What a summer of cricket it’s been. With England gloriously succeeding in one of the most epic and nail-biting sporting finales you’ll ever see, little consideration was given at the time to the impending and rather sizeable task of the Ashes series.
The emergence of Jofra Archer and the aggressive, never take a backward step attitude of Jason Roy offered a reason for optimism ahead of the climactic cricketing contest against the Aussies.
However, another lacklustre batting display in the first innings at Lords against a disciplined but military medium Irish bowling attack brought fans crashing down to earth.
How can England expect to beat Australia in the tantalising summer bowling conditions we so often get, with the traditionally overcast and unpredictable weather at this time of year?
Mitchell Starc, Pat Cummins, James Pattinson and Josh Hazlewood will be quietly and confidently licking their lips, especially if they took a few minutes out of their day to watch England’s first innings against Ireland.
Of course, England has a potent attack of their own, but they’ll be a weary bunch if they have to take twenty wickets twice in three days over the next 6 weeks.
Jason Roy taking his spot at the top of the order is a no brainer, thanks to his no-nonsense approach, a mix of cockiness and flair reminiscent of former England tormentor Matthew Hayden, should be the perfect antidote to the fearsome Aussie bowling unit.
He deserves a crack where so many before him have failed, but it won’t be plain sailing. With an average of 38.5 in first-class cricket for Surrey, perhaps that’s a better starting point, with less emphasis and expectation from his performances in the longer format of the game.
Slightly concerning, however, is the fact that he’s played most of his games at No.3 or lower even batting at five and six. He’ll be tasked with providing a solid platform alongside a man who does open the batting for Surrey, Rory Burns.
Last year Burns led Surrey to the County Championship title with an average over 60 and looked consistent enough for many observers to claim England’s opening batsmen issues could soon be coming to an end.
But, and there’s always a but before the Ashes, Burns has looked woefully out of touch so far in 2019 and alarmingly so against Ireland as one of England’s batsmen at Lords. As it stands right now, Burns looks like a sitting duck, the kind of target Aussie bowlers have made mincemeat out of in the past.
Let’s hope this new look, more softly spoken, sincere Australia, who having had their wings clipped in the glare of the media spotlight are a little less ferocious than yesteryear, mind you, where’s the fun in that?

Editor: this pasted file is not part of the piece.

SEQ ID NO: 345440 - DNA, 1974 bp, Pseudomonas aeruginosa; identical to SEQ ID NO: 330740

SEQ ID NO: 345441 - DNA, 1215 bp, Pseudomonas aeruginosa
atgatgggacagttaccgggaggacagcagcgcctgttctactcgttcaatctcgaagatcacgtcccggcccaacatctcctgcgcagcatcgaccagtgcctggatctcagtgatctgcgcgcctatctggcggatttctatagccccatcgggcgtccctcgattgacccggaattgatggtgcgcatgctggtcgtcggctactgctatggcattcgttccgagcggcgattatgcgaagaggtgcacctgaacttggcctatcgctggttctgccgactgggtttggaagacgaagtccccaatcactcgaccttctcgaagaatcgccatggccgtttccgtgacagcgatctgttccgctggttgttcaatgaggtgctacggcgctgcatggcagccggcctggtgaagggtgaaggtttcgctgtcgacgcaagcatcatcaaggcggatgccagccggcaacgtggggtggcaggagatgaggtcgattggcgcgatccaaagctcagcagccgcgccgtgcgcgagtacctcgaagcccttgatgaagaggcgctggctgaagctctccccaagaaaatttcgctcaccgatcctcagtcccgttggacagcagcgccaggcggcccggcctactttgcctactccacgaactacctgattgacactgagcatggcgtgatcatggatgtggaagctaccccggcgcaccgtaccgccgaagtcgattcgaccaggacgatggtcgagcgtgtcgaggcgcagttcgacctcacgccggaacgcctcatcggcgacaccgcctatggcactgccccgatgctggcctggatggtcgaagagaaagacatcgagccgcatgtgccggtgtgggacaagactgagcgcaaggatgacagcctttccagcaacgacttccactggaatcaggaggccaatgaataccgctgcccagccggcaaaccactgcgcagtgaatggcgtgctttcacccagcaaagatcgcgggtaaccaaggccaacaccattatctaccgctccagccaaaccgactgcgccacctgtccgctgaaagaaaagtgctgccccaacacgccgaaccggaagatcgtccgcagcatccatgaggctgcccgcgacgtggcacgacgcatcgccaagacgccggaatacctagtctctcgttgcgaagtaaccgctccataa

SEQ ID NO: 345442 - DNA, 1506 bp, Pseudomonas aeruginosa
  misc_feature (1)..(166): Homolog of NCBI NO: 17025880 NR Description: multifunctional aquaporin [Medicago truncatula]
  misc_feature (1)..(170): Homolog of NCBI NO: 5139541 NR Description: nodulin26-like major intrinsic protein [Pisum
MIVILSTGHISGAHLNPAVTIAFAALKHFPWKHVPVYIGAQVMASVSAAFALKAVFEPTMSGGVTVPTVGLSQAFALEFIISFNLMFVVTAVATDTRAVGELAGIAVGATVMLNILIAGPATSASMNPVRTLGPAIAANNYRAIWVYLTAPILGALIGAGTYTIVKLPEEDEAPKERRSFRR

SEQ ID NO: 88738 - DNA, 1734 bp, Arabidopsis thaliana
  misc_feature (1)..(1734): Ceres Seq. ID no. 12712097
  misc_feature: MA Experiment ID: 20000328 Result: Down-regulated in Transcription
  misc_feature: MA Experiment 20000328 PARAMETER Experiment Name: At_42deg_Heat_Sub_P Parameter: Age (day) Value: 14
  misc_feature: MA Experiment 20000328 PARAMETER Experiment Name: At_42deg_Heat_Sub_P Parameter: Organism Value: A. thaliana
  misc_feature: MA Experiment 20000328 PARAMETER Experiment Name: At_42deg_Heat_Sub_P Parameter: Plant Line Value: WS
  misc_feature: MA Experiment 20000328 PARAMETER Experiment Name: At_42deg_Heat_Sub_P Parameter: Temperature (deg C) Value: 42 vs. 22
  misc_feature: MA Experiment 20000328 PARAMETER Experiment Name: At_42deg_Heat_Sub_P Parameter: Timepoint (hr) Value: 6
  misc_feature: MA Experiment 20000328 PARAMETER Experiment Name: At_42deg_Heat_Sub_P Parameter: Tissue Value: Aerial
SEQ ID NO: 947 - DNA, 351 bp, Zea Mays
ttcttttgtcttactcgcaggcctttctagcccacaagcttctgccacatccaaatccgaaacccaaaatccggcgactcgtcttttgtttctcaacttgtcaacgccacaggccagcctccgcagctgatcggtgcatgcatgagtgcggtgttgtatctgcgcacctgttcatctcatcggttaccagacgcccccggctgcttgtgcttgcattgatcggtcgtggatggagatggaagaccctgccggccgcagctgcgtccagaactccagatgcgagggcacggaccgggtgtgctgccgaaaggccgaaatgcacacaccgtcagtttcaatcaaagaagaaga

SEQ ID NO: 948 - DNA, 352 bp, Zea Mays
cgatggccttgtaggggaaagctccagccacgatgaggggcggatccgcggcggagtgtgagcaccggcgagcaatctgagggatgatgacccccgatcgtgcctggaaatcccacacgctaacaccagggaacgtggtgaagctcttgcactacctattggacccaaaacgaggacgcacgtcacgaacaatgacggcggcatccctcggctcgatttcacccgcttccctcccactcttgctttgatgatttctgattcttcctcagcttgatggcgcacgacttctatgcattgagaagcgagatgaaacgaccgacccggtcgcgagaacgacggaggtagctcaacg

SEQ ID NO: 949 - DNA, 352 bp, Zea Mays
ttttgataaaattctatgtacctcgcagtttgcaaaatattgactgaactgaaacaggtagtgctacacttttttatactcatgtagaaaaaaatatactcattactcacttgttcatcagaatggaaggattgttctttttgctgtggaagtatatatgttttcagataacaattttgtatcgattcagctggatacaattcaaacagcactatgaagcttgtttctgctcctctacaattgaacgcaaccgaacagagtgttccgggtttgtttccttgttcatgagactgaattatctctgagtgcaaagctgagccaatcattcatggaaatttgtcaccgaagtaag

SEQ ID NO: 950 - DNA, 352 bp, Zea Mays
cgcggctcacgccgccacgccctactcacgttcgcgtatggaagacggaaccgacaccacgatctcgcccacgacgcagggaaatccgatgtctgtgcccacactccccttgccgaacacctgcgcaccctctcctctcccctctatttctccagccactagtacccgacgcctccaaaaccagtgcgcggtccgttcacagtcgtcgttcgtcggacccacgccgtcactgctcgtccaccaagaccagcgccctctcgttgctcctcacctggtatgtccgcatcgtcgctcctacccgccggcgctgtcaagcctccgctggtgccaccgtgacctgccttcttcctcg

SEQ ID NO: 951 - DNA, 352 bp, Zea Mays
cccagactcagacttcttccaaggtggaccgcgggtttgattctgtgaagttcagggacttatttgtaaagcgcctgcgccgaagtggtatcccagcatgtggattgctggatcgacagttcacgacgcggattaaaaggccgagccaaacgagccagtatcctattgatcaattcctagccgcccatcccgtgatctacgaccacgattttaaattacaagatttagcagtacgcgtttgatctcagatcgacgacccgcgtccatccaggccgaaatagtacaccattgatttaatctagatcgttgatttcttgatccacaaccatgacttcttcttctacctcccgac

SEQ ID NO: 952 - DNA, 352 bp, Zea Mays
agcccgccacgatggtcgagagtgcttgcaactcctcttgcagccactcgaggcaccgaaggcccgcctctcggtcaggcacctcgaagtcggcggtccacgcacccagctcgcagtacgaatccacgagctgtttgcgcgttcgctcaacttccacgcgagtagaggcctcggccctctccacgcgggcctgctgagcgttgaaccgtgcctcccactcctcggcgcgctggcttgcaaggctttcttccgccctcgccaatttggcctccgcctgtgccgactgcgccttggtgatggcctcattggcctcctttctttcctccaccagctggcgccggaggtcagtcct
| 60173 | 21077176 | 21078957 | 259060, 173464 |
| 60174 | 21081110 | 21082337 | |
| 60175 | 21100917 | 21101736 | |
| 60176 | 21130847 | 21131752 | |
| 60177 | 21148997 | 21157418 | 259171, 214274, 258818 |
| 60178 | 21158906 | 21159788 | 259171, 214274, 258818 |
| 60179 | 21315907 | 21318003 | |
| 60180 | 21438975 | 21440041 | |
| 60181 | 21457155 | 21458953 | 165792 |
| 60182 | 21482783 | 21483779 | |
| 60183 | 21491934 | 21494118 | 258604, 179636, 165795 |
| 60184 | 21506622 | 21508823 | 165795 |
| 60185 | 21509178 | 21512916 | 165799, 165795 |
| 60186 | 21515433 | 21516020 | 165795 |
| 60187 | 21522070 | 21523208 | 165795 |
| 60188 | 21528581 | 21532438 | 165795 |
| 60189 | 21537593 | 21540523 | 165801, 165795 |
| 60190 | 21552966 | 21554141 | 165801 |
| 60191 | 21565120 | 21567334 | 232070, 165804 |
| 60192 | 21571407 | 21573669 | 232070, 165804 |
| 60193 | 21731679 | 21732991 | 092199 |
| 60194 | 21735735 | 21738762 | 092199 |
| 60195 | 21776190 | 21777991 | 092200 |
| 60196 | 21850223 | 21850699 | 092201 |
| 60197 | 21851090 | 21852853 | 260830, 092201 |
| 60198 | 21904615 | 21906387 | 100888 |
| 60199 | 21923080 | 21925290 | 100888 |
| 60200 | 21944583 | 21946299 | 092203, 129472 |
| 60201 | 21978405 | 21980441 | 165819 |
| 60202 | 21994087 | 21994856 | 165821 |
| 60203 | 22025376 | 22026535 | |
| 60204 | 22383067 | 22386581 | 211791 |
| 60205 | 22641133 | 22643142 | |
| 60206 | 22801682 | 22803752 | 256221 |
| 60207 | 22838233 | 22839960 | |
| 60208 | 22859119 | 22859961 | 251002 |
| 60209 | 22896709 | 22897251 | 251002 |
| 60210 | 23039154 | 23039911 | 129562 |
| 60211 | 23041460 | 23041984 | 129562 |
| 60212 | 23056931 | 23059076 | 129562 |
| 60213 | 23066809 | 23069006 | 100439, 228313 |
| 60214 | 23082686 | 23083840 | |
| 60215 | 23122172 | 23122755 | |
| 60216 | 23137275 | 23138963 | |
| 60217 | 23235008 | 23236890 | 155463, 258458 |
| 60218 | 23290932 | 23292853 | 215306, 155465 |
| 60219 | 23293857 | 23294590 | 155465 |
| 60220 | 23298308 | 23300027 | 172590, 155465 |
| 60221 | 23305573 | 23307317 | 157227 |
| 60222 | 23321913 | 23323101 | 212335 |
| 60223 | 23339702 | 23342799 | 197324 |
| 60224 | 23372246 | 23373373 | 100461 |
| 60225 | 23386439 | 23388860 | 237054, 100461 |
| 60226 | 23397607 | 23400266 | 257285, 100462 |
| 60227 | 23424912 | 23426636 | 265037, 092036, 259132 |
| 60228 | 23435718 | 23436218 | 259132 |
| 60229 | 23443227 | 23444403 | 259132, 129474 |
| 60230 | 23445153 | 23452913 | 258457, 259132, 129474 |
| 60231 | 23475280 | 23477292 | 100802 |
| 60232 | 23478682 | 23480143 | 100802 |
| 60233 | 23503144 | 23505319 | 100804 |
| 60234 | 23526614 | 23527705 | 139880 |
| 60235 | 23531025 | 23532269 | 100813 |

Further down the order, the untested Joe Denly hasn’t done anything wrong so far, it’s just a shame he hasn’t really done anything of note either.
Maybe a tad harsh, but a knock of 69 against the Windies is hardly a barometer, although if anyone came out of the Ireland debacle in one piece, it might be Denly. Perhaps the most worrying aspect surrounding his inclusion is that the man who ran him out in the second innings, Joe Root, has again been forced to offer his services at No.3.
This is an experiment England have tried before and it wasn’t the answer. Root is a specialist in his favoured role of four, and while he’s scored runs at three, his offer to move up the order again has the hallmarks of a crisis decision.
Moving Jos Buttler up the order should be a no brainer and long overdue, not because of any specific qualities that lend themselves to such a decision, but, moreover because if Buttler is not wearing the gloves, then what is the point in having him loitering at No.7, in no man’s land?
Buttler is the epitome of this England team. As shrewd a decision as it was by Ed Smith to bring him back into the fold, and as worthy of his place as he is, Buttler is another incredibly talented, destructive batsman, along with Bairstow, Stokes, Ali, maybe even Woakes and certainly now Roy, who while capable of turning a game on it’s head, seem to lack the steel and stubbornness to stick around when things aren’t going to plan.
Stokes is an exception to that on occasions, and he’ll need plenty of them this month. In many ways England’s hopes rest firmly on his shoulders, let’s hope he can summon the energy, he’ll likely be a busy man.
Perhaps the emphasis on Eoin Morgan’s relentless one day approach, that has been a marvel to watch, has inadvertently punctured the Test team. England needs just one batsman who can grit it out, to help out Root, and transform the look of this batting lineup.
If things don’t go well in the opening test, or god forbid the first two, who on earth do England turn to next? Many keen cricketing eyes felt Vince would again be back in the fold, some mentioned Malan at four or five, but this just emphasises the problem.
For too long England have ummed and ahhed, back and forth, Keaton Jennings will testify as much. Perhaps come hell or high water, England should just lay in the bed they’ve made, whatever the costly result, because maybe, just maybe through the intensity of the Ashes a Burns and a Denly might emerge as a long term solution. Helmets at the ready, it certainly won’t be one to miss.
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